Why Apple’s Touch-to-Pay Might Not Be an Instant Success

Sam Shawki is the CEO of Magic cube — a trusted software execution environment that offers the same levels of security as hardware.

Steve Jobs is credited with saying, “It’s better to be a pirate than to join the Navy.” This quote came to mind when I read the Bloomberg story suggesting that Apple is working to bring financial services in-house. The gist of this – Apple potentially bypassing major financial institutions and processors across all of its financial services, including the upcoming Tap to Pay acceptance offer – is consistent with my experience with Apple. I believe the company is happy to partner to start something new, but wants to contractually and strategically keep its options open to bring any service or technology in-house to increase its share of the value created over time.

I suspect that when Apple’s Tap to Pay hits the market, it will connect directly to Visa and Mastercard. Both Visa and Mastercard have versions of a “direct-to-merchant-connect” solution that already bypasses acquirers for authorization connectivity. This acceptance model is currently used by some larger retailers who don’t want to risk losing a sale because of a possible delay in connecting with the acquirer. It can be suggested that this same model could be applied in a new way by Apple.

However, if Apple’s plan is to disintermediate acquiring banks, that raises a question: who will bear the merchant risk in this model? Two scenarios come to mind. In the first, Apple itself would assume the risk and apply the predictive algorithms it already uses on the data it has to evaluate merchant data – a possibility reinforced by the acquisition of Credit Kudos.

In another scenario, Apple would partner with acquirers that already take this kind of risk, such as Square and Stripe. We already know that Stripe is involved in Apple’s Tap to Pay plans, and I previously predicted that Square could become a partner as well.

moving target

Enabling off-the-shelf devices to become payment acceptance terminals has always been a threat to legacy point-of-sale device manufacturers. Replacing these devices is also the goal of our first product, i-Accept. In this move, however, Apple could also be betting on big payment processors. What does that mean?

In any store acceptance program, you usually have the following players.

• Device manufacturers. Companies like Ingenico, Verifone or Clover make the hardware where you slide, dip or tap your card.

• The acquirer. The financial institution assumes the financial risk of the merchants that honor its transactions. That entity could be a bank like Chase or Bank of America – which is often the case for large retailers – or an “aggregator” like Square or Stripe, which often takes the financial risk of smaller merchants that big banks tend to avoid.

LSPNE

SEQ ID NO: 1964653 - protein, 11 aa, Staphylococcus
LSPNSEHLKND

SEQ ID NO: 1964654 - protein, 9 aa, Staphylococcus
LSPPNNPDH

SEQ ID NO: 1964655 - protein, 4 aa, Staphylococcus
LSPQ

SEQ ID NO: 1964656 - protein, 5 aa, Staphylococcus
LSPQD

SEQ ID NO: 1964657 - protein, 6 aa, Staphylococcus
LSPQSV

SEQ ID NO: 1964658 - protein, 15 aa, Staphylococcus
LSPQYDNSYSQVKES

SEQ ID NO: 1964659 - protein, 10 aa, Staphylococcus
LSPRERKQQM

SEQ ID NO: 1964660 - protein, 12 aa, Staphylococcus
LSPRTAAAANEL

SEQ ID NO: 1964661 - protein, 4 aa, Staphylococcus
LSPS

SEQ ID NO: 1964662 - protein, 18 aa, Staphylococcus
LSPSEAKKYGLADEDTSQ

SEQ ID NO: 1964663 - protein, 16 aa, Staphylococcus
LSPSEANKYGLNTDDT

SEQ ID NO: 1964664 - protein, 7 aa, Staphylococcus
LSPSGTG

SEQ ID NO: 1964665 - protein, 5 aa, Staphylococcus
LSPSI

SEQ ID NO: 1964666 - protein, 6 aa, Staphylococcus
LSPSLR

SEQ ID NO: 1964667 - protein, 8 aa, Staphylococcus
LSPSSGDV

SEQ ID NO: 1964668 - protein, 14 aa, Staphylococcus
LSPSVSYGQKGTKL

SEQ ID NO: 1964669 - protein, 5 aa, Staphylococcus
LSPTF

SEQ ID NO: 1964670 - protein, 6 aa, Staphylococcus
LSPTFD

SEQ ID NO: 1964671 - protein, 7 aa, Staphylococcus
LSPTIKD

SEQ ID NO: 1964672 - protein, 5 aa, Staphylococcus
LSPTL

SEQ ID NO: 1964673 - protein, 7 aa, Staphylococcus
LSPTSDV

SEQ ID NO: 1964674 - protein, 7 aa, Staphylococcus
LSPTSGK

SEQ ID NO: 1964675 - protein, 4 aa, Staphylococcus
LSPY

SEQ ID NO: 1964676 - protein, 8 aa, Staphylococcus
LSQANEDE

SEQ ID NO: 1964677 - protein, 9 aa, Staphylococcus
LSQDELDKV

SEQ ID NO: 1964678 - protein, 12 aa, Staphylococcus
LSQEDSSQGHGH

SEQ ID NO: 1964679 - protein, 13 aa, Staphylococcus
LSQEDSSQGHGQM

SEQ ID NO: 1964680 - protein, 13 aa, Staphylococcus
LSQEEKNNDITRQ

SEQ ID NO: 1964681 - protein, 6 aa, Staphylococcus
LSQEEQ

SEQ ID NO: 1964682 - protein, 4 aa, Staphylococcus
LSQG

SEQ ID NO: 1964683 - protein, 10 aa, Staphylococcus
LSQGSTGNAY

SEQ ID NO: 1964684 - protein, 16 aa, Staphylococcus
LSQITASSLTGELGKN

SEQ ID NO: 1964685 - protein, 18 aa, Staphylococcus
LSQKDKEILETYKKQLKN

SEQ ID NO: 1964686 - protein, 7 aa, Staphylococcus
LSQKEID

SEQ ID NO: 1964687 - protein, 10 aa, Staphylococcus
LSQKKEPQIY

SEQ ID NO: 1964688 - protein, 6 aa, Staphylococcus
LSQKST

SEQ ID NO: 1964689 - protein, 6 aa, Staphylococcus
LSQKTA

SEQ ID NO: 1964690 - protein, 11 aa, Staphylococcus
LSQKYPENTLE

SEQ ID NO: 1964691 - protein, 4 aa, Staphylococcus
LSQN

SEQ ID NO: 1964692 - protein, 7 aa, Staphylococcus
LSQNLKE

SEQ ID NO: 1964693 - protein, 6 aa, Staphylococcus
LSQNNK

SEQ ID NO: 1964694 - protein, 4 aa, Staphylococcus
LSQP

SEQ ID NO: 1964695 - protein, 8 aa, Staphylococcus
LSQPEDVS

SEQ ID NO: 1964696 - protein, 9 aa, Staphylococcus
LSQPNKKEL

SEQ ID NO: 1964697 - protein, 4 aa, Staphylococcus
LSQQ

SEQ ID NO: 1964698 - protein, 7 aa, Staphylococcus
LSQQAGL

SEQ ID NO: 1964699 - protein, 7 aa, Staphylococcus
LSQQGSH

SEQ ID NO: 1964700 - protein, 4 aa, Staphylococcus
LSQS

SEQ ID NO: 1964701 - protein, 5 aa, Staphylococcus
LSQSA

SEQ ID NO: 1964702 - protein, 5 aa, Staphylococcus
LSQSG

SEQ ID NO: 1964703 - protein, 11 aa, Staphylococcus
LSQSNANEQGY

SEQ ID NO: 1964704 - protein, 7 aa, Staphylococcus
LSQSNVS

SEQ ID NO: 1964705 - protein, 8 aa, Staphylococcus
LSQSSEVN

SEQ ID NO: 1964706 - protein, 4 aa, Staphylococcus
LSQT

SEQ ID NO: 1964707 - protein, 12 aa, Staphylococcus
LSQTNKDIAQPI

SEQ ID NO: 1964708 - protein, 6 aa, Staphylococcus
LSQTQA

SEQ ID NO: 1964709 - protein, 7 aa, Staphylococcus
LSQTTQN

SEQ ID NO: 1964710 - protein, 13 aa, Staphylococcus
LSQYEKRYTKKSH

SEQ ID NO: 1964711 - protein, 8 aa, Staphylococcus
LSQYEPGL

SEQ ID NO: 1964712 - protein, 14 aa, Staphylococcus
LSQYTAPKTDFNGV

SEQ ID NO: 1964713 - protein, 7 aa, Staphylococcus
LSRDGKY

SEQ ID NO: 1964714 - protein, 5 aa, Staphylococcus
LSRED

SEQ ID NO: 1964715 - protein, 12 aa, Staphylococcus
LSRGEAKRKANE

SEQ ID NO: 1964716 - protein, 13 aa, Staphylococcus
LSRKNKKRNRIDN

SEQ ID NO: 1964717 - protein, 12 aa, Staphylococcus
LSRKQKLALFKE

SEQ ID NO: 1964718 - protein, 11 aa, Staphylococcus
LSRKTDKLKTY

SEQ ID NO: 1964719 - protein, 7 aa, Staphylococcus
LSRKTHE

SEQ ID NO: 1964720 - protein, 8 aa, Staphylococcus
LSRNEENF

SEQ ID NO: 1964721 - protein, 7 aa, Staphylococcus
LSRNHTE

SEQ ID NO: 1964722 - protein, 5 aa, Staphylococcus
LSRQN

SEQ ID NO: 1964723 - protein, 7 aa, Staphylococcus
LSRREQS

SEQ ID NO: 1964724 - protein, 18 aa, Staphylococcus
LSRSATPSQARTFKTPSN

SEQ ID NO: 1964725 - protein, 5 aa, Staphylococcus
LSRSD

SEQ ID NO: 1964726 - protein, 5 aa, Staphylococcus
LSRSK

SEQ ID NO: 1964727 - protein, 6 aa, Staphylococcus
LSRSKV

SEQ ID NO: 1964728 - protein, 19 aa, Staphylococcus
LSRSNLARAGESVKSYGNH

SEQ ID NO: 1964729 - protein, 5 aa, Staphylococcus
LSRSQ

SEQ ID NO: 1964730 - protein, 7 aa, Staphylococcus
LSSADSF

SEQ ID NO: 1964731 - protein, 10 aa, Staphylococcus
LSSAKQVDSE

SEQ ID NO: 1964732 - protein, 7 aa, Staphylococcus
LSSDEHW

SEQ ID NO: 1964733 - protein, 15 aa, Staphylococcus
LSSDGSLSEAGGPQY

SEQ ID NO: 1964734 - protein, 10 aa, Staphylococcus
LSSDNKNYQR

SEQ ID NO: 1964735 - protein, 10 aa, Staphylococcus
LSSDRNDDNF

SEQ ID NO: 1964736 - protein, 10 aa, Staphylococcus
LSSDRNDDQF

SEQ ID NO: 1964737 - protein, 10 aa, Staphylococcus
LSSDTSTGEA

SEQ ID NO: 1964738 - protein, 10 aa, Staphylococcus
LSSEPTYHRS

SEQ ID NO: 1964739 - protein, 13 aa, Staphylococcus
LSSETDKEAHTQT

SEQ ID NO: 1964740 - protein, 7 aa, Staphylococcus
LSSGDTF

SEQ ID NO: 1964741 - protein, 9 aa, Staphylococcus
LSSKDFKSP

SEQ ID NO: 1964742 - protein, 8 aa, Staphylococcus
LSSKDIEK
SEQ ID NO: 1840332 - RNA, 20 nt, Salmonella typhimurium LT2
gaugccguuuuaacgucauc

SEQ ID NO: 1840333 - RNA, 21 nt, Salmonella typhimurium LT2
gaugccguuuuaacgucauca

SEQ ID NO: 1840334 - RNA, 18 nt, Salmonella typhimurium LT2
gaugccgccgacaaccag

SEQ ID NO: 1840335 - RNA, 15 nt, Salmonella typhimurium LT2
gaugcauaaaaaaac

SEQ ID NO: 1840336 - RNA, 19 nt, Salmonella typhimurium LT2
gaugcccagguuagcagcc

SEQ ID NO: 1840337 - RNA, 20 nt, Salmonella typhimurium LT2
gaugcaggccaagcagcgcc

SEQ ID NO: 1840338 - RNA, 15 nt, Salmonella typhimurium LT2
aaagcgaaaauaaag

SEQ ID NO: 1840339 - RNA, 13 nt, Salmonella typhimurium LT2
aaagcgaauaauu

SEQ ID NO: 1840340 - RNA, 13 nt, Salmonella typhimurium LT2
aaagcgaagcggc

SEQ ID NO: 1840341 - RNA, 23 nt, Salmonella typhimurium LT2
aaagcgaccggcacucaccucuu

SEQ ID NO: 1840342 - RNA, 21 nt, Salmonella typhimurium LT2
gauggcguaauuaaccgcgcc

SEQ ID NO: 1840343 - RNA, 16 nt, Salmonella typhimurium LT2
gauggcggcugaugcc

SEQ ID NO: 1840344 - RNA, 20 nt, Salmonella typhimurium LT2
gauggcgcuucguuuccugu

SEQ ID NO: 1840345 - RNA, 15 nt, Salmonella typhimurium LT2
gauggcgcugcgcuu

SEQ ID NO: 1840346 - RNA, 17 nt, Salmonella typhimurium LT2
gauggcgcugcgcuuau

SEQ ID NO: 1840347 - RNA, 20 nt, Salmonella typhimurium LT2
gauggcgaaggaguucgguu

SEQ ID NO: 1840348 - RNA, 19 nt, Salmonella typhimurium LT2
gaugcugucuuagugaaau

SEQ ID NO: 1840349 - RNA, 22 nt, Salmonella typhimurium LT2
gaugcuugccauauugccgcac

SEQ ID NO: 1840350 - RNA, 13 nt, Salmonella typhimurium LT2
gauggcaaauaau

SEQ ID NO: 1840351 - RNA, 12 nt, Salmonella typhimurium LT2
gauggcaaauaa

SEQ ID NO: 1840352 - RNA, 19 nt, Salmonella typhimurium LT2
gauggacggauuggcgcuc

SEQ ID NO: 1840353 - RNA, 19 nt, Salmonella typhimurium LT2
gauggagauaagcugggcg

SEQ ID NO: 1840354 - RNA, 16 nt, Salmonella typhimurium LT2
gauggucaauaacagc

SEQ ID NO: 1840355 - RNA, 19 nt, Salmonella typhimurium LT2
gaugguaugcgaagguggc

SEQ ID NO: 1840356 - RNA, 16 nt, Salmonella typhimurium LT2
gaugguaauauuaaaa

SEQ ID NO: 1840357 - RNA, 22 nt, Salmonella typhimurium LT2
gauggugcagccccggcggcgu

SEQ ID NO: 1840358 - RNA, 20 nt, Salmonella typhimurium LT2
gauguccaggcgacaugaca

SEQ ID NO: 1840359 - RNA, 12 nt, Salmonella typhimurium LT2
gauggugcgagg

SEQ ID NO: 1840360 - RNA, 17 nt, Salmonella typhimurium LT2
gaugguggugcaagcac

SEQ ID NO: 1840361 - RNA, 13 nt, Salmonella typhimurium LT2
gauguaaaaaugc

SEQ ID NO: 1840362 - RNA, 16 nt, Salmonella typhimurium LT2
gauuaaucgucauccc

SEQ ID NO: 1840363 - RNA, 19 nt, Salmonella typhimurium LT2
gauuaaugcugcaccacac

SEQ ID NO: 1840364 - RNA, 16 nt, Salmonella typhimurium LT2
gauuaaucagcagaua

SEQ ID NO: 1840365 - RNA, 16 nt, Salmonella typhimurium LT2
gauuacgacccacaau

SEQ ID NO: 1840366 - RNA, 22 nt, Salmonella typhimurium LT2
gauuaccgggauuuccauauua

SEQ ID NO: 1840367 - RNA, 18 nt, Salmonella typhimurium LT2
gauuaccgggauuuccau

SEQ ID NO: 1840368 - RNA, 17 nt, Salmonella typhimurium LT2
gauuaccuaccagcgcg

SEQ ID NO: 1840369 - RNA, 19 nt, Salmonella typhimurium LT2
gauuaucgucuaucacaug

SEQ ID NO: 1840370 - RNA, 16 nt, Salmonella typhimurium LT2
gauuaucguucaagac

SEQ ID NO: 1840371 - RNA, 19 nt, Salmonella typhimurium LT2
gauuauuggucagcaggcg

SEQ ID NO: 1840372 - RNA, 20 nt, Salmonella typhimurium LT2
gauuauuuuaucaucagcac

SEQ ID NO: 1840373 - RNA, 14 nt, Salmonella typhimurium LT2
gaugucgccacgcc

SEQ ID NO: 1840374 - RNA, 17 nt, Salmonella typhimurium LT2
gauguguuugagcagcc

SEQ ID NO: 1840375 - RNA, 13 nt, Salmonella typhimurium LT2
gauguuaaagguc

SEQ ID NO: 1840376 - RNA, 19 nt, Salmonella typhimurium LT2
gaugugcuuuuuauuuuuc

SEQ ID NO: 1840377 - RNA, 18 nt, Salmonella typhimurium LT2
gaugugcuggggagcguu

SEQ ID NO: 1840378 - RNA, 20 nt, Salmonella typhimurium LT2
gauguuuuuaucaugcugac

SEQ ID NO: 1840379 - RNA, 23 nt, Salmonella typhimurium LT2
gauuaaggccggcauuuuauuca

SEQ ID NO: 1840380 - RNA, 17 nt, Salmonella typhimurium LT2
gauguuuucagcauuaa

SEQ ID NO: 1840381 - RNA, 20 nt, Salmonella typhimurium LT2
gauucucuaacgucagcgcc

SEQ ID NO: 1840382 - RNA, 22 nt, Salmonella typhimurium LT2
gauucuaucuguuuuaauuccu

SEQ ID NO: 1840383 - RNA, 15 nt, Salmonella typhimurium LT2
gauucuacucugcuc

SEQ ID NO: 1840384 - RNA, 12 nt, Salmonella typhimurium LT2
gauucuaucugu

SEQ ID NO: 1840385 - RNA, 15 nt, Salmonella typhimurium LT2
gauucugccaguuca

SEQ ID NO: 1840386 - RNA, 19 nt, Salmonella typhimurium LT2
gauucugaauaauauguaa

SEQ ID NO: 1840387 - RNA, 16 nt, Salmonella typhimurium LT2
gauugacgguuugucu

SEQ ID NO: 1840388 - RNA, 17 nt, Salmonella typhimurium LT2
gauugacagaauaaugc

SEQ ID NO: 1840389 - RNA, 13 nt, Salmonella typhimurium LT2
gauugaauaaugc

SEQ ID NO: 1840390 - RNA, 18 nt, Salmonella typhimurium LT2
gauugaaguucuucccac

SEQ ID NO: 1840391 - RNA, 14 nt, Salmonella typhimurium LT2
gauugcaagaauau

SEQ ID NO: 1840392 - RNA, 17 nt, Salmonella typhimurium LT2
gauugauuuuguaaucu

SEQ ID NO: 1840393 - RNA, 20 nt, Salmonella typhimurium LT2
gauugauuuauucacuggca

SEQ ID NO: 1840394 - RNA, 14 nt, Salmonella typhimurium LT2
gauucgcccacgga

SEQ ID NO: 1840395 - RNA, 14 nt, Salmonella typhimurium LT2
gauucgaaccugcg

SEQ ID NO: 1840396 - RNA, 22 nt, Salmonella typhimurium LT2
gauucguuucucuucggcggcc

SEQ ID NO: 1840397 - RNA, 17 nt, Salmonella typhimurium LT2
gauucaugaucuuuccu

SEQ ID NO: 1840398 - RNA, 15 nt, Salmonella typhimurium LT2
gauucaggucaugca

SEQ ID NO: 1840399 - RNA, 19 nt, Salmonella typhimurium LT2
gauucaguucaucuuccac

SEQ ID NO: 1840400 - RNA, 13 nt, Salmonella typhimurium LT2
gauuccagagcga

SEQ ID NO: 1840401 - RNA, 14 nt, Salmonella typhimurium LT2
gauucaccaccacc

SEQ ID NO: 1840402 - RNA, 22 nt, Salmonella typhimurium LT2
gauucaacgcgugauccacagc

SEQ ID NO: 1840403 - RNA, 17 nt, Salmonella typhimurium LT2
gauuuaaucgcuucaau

• The processor. Whether Chase or Square acquires the merchant, once a transaction takes place it needs to be routed to the right card brand such as Visa, Mastercard and Amex. That’s where a processor comes in. Payment processing is big business led by companies like First Data/Fiserv and Global Payments/TSYS, among others.

• The brand of the card. Companies like Visa and Mastercard authorize the transaction forwarded to them by the processor with the bank that issued the card.

If Apple is really going to connect directly to card brands, processors will need to figure out a way to stop Apple from disintermediating them. The question is how.

Hide and seek

It is an industry consensus that Apple Pay dominates the wallet space. However, all wallets collectively account for around 5% of all payments in the US

Apple Pay didn’t achieve instant success when it launched – in fact, Apple Pay’s market share remains small compared to other payment methods. For very similar reasons, I believe Apple’s Tap to Pay can follow suit. We hope that, like us, Apple will reduce the cost of traditional hardware by charging a fraction of a dollar per active mobile device connected to your plan and a few cents per transaction. However, some questions remain:

• For example, consider the market penetration of iOS versus Android. I believe it’s possible that the recent news about Apple potentially leasing its hardware through a subscription model could be Apple’s way of making iOS devices easier into commercial business. ZDNet calculates that an iPhone subscription would cost approximately $600 a year – which is comparable to or more expensive than traditional terminals. If Apple offered devices for free to gain market share in the commerce business, would the transaction volumes make up for lost hardware profit?

• There is the issue of additional fees that micro-traders can accept but large retailers cannot.

• There is also negative regulatory attention related to Apple blocking NFC access from other players on its devices. There’s no telling how this battle will play out or how long it might last.

pirates vs. navy

While Apple’s entry into the payments acceptance space was a huge confirmation that there is a business case for disrupting the more than $70 billion that retailers everywhere spend every year on dedicated, single-use hardware to accept digital payments, I’m not sure Apple Tap to Pay will be the instant hit that some experts seem to believe it will be. I believe there are real advantages to being device and operating system independent, as well as collaborating with the ecosystem of players already on the market.

There’s no doubt that being a pirate can pay off in some industries. However, when it comes to payments, I believe that ubiquity, open platforms and collaboration with the ecosystem are the real keys to success. I’ll be betting on the Navy this time.


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